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The Mayor of London Boris Johnson has proposed to give the Met Police access to Congestion Charge automatic number plate recognition (ANPR) road cameras in the capital.
While Johnson hailed this as helping police in crime fighting and public safety, it left unsaid the change in purpose to public space CCTV risked loss of public goodwill, whether the original purpose was crime prevention or not. Similarly in the February print issue of Professional Security the issue of local government use of CCTV against parents parking outside school was covered.
The ANPR cameras allows identification of vehicles, such as stolen cars or vehicles involved in crimes, and data from these cameras has already played a role in solving a number of serious crimes in London, Johnson says. He says that he wants to enable the Met to catch more criminals on the capital’s roads by delivering on his 2012 manifesto to allow the force routine access to Transport for London’s 1300 ANPR road cameras.
The Met already collects ANPR data by using their own limited network of cameras to investigate crimes and to intercept vehicles that have been linked to crime. ANPR data was crucial in identifying and bringing about the conviction of the five young men responsible for the murder of 16 year old Hani Abou El Kheir in Pimlico in January 2013. In September 2013, it was used to trace and arrest the occupant of a car who had allegedly attempted to abduct a child.
Gaining access to TfL’s cameras – which enforce London’s Congestion Charge and Low Emission Zone – will triple the coverage available to the Met. Seeking to answer the charge that the state is taking ANPR for a use not intended when introduced, Johnson said that the police will ensure that this data is only used in the public interest and there are safeguards enforced, to guard against misuse and a ‘surveillance state’.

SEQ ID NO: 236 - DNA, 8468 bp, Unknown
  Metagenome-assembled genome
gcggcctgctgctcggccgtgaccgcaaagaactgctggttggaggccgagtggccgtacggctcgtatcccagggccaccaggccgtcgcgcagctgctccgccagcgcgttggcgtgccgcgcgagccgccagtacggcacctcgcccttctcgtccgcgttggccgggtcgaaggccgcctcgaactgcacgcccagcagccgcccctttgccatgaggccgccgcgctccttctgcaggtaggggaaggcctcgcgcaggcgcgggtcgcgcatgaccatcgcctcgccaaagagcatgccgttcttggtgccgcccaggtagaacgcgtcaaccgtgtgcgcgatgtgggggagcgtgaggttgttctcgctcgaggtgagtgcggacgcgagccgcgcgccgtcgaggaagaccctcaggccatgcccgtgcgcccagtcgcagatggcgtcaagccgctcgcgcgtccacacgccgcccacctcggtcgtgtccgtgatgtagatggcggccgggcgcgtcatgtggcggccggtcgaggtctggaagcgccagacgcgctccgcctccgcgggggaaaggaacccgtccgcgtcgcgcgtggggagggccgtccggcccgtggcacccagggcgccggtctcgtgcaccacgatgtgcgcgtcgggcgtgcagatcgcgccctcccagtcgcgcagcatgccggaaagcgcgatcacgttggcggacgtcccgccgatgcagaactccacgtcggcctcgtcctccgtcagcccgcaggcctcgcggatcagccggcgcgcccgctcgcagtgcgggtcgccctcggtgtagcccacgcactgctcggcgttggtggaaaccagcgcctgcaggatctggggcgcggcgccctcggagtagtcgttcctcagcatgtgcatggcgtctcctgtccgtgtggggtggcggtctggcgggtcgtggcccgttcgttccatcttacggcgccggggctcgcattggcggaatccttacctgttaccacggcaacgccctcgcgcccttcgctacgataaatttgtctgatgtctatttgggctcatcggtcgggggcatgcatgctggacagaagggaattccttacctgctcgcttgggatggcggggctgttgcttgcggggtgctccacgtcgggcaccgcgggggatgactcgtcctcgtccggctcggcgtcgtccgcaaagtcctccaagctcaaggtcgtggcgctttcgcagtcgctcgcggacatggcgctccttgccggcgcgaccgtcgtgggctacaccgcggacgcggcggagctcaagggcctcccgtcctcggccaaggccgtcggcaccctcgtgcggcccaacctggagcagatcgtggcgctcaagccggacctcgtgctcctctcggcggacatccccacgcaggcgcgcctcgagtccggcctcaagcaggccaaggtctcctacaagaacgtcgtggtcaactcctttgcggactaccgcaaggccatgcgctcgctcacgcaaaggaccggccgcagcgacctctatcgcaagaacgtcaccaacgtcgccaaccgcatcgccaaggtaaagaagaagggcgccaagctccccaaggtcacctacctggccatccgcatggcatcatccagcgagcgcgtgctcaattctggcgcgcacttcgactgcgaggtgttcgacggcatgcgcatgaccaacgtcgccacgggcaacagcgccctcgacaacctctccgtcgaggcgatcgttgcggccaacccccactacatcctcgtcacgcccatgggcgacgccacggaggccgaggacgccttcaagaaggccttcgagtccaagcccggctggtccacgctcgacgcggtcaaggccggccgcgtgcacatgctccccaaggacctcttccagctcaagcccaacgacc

The Mayor’s Office for Policing And Crime (MOPAC) is launching ‘public engagement’ to explain the proposed changes and to find out Londoners’ views so that the Met can take steps to address any concerns. From February 11 until 8 April 2014, Londoners can give their views by visiting Talk London at www.talk.london.gov.uk.
Boris Johnson saw the ANPR cameras in action on the A21 in Orpington, during a visit to Bromley, where he also met with young people from the local Youth Offending Team. He said: “I want London to be the safest big city in the world and, to help us continue to drive down crime, we need to use technology in a smart way. Opening up access to TfL’s extensive network of cameras will enable the Met to track down more criminals and crack down on more crimes.”
Neil Winterbourne, Detective Superintendent said: “Over the next two months there is a chance for Londoners to find out more about how the Met uses ANPR to fight crime. The Met has put a lot into ANPR over the last two years and the progress we have made is fantastic, but without TfL camera data our ability to combat crime all over London will be severely reduced. We think that the results speak for themselves, more arrests, more seizures of uninsured vehicles and more cases solved with ANPR.
“We don’t need and can’t afford two of everything, so we think the Met and TfL should co-operate to get the most out of ANPR cameras the public have already paid for. We also want to listen to concerns people have. We welcome the opportunity to be more transparent and to explain just how tightly we manage our access to and use of this data. We hope this will give people the confidence and reassurance they need.”